Rule the world: I remember it well. Tears For Fears came on the radio and I heard that song for the first time. Their subject was not about musicians, but that’s where I took the statement…
Everybody Wants To Rule The World
I don’t believe that title anymore. There was a time that I did. Certainly, there have been bands and musical artists who seemed momentarily to conquer the world. But that’s not the norm and probably less so that ever.
In the age of digital exchanges and streaming platforms, there is almost no chance that a musician can rule the world. It’s essentially impossible to rule the music charts let alone the political structures. (In fact, many of the musical charts have disintegrated.)
And in these days of the pandemic, we also can see that there are ways in which no human being is really in charge. For the first time in my life, we are seeing something affecting all of humanity in such a massive way. If you are like me and many friends of mine, you are learning a lot about yourself these days.
You Can’t Always Get What You Want
Our reality is a long way away from being able to rule the world. One of the brave truths of this world is that you don’t always get what you ask for. And while we watch people hoard toilet paper, I am deeply aware that this truth is no excuse for taking more than we need. Fortunately, musicians don’t need to be hoarders. There’s no need to act out of scarcity. The best artists are also incredibly generous to other people in the same or similar creative pursuits.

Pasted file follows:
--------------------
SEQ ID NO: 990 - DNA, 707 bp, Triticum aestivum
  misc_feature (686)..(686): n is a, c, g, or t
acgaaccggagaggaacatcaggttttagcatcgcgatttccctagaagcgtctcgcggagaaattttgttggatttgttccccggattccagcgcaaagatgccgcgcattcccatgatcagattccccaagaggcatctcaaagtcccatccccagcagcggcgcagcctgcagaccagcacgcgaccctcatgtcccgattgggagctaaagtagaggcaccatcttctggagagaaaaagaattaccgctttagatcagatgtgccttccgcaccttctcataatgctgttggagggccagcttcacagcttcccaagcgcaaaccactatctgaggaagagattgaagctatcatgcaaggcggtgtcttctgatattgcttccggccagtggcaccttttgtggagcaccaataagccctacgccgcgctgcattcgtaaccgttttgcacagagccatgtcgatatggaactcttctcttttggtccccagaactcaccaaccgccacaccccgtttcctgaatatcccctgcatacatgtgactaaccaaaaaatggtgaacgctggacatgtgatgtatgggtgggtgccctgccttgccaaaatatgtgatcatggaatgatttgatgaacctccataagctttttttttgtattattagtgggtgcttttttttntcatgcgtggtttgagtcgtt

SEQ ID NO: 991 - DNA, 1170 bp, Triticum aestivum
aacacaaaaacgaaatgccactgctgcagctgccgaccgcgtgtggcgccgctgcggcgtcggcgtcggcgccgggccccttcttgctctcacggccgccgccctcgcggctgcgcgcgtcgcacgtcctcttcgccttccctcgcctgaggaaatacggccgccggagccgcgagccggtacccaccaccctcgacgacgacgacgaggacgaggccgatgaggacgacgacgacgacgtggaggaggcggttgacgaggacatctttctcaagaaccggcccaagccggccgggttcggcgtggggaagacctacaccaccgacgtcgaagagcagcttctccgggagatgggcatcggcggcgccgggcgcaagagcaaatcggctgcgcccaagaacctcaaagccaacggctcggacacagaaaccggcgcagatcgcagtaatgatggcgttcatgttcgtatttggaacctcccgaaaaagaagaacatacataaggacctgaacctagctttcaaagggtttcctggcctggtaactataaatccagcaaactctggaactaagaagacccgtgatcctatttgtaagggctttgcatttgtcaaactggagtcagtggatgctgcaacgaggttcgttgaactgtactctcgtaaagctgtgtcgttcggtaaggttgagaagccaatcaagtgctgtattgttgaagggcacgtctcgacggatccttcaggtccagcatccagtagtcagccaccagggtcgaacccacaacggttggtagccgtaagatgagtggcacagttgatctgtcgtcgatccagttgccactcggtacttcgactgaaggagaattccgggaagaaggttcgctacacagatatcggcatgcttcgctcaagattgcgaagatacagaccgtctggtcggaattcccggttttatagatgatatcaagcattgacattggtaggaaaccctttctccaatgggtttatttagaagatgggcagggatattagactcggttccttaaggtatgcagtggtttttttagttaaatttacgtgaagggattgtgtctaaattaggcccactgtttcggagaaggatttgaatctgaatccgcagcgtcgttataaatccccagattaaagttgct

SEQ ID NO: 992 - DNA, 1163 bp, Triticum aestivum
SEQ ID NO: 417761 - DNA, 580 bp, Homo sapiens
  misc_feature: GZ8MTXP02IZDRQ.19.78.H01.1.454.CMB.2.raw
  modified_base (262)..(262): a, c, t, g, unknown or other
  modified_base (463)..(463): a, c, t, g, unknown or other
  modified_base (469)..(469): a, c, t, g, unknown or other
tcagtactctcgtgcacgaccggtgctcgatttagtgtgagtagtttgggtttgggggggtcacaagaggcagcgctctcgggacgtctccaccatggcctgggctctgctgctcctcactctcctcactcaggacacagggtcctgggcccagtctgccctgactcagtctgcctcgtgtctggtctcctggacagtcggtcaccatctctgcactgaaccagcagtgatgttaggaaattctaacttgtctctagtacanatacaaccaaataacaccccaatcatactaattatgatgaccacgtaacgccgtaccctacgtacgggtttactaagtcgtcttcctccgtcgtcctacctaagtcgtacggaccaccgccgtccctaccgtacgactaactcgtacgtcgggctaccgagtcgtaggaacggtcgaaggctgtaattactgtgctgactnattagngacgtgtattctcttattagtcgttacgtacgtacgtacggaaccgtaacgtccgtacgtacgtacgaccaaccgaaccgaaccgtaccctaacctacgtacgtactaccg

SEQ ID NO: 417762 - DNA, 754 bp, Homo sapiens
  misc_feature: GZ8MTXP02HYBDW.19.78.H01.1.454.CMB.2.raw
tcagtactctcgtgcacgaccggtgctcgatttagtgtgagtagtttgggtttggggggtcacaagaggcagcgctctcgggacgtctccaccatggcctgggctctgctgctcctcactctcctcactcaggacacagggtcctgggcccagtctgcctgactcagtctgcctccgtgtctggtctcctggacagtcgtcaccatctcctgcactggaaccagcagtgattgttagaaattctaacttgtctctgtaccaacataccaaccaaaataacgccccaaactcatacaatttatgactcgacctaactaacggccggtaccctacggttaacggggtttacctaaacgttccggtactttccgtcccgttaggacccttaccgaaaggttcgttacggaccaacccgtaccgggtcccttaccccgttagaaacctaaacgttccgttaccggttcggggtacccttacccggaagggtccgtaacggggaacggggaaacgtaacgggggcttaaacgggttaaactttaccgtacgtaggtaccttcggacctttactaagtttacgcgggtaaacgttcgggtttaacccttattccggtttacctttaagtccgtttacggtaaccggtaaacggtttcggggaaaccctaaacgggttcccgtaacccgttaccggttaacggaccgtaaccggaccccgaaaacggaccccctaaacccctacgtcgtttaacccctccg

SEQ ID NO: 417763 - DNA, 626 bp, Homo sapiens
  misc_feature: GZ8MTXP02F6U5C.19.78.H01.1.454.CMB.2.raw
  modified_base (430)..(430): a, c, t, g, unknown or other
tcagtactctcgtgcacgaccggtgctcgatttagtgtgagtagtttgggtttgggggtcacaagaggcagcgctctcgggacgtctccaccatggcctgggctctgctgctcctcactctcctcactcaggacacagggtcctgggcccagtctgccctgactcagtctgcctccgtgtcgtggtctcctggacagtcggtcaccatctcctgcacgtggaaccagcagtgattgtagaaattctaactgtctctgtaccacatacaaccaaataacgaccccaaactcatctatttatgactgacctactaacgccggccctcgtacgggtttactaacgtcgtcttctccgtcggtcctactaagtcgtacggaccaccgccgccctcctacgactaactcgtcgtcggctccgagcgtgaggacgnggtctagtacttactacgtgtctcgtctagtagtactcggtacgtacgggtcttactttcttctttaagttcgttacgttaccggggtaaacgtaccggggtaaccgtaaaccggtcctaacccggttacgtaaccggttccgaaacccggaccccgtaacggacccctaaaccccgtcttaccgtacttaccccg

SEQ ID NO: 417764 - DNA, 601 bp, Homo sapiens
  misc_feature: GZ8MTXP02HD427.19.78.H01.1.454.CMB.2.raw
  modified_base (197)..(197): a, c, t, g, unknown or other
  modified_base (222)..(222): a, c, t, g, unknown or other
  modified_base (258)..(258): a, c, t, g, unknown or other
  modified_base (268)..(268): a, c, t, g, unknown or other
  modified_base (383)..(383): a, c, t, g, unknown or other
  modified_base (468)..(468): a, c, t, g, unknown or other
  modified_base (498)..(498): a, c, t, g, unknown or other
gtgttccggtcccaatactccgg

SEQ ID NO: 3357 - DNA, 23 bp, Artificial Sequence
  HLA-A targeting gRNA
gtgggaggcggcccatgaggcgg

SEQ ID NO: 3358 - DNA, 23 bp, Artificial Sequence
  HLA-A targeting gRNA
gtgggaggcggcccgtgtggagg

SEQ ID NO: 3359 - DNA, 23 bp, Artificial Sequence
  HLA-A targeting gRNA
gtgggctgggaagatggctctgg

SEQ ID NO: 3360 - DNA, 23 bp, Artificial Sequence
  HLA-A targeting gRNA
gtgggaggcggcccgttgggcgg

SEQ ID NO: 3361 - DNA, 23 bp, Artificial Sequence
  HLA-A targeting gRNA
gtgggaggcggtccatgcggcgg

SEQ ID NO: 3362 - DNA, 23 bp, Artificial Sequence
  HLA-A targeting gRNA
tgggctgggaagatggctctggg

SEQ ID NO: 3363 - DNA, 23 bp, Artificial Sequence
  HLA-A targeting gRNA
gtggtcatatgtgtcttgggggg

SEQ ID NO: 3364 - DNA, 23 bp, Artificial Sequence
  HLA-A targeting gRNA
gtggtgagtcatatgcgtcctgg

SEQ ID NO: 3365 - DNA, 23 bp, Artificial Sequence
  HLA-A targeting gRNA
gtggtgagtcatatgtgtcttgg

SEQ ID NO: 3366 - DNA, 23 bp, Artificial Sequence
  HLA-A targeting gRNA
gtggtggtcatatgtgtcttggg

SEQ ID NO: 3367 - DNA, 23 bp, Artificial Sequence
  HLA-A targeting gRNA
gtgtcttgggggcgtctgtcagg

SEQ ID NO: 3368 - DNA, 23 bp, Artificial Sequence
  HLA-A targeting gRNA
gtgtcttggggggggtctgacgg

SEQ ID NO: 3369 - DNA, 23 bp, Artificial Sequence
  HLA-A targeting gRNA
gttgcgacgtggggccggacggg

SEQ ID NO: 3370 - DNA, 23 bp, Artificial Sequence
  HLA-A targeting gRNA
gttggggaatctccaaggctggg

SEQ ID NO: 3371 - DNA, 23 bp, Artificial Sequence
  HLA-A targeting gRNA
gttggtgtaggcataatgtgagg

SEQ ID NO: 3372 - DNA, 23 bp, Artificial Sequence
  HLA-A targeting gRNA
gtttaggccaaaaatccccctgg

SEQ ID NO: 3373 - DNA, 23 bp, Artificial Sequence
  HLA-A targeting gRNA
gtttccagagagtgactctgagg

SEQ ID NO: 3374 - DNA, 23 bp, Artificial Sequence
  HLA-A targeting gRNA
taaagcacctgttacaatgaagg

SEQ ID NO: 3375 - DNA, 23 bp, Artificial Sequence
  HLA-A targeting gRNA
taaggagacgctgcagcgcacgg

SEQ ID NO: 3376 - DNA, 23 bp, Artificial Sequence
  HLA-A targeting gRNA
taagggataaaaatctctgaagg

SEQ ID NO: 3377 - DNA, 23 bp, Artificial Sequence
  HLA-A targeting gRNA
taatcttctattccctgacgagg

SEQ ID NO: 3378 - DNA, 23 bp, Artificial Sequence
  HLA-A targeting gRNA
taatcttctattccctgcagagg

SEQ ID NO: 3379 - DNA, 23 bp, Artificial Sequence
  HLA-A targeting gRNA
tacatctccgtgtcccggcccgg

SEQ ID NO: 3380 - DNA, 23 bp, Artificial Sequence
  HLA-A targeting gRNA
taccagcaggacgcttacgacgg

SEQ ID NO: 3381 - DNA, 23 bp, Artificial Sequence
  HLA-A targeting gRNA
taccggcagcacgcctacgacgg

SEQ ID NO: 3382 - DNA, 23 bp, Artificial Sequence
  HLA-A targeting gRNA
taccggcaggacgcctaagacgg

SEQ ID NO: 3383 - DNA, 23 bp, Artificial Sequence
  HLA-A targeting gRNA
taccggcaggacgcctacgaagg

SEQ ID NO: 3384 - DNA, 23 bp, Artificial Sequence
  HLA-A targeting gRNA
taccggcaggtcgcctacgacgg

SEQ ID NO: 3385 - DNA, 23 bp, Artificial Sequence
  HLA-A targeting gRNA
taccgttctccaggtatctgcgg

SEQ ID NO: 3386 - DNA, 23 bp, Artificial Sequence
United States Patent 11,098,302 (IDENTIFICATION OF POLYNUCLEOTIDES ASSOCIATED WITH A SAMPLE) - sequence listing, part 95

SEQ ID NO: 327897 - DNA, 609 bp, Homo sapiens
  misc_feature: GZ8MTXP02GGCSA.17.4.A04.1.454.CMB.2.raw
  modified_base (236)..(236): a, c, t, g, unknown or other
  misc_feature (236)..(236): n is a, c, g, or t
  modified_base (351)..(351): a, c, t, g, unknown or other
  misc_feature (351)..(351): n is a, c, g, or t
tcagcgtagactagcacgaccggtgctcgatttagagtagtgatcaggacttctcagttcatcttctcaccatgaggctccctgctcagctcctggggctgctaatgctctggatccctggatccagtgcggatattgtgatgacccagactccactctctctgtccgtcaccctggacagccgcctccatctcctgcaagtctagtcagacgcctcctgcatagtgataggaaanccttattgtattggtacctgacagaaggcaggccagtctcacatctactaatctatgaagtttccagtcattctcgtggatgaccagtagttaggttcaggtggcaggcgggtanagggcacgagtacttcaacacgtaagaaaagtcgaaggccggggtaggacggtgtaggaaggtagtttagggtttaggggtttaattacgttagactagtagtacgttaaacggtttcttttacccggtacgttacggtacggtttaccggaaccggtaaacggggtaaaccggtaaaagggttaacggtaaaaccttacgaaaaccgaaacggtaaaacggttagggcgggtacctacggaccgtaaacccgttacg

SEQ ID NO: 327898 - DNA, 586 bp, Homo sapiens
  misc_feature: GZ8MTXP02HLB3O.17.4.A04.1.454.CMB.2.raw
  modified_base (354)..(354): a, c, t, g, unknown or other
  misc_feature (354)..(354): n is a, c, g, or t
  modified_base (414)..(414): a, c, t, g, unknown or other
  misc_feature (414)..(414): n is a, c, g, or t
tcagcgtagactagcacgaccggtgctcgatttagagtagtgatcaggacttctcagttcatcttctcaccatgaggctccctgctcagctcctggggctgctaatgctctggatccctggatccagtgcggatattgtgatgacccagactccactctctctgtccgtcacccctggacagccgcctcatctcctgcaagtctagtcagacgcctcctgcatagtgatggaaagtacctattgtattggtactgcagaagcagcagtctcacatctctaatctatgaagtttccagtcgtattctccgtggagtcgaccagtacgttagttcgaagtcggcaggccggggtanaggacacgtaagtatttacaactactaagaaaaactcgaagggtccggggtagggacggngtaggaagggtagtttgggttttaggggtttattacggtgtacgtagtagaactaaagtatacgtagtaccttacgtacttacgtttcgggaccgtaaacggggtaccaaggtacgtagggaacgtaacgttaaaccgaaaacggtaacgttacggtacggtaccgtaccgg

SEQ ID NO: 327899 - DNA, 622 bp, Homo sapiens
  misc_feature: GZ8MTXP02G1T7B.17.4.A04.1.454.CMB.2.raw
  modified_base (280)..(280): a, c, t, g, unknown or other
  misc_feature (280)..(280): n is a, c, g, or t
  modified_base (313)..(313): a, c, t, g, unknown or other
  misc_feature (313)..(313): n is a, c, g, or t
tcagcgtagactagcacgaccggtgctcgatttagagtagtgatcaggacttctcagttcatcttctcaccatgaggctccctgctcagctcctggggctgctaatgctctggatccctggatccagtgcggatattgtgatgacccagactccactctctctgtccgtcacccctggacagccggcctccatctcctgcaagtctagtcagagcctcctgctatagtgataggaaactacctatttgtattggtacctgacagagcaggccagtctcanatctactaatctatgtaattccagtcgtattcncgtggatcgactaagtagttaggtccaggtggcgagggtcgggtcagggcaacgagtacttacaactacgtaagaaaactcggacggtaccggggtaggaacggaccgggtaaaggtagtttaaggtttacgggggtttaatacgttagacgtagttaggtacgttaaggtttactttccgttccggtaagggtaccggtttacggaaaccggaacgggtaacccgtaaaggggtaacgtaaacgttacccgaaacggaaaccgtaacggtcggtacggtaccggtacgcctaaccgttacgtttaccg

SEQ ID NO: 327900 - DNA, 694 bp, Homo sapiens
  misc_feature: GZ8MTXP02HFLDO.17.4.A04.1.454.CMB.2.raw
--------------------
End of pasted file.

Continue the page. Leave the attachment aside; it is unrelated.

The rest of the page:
The good news is that there’s no shortage of inspiration, notes, chord sequences, phrases, musical colorings, and lyrics. As hard as we may try to be original, we will come up with something that we think is new while also sounding all too familiar. One person will hear a well-known hymn and someone else will hear a theme from one of the Classical master composers. Often, it’s the hook that reminds the listener of some sound they already know that draws them into our song.
We Shall Overcome
That abundance of inspiration and untapped music is why we never need to give up. As stories of musicians rise up from the COVID-19 lockdown and pandemic, I am repeatedly inspired by them. Some are sad: several musical greats have been killed by the virus, including Ellis Marsalis Jr. and Wallace Roney.
At the same time, hundreds of musicians have taken to live-streaming because concerts were all canceled. Other musicians and artists are finding new ways to create and connect with fans in the face of the lockdown. We don’t need to rule the world. Whatever else is true, while we have breath, we will be hanging in there.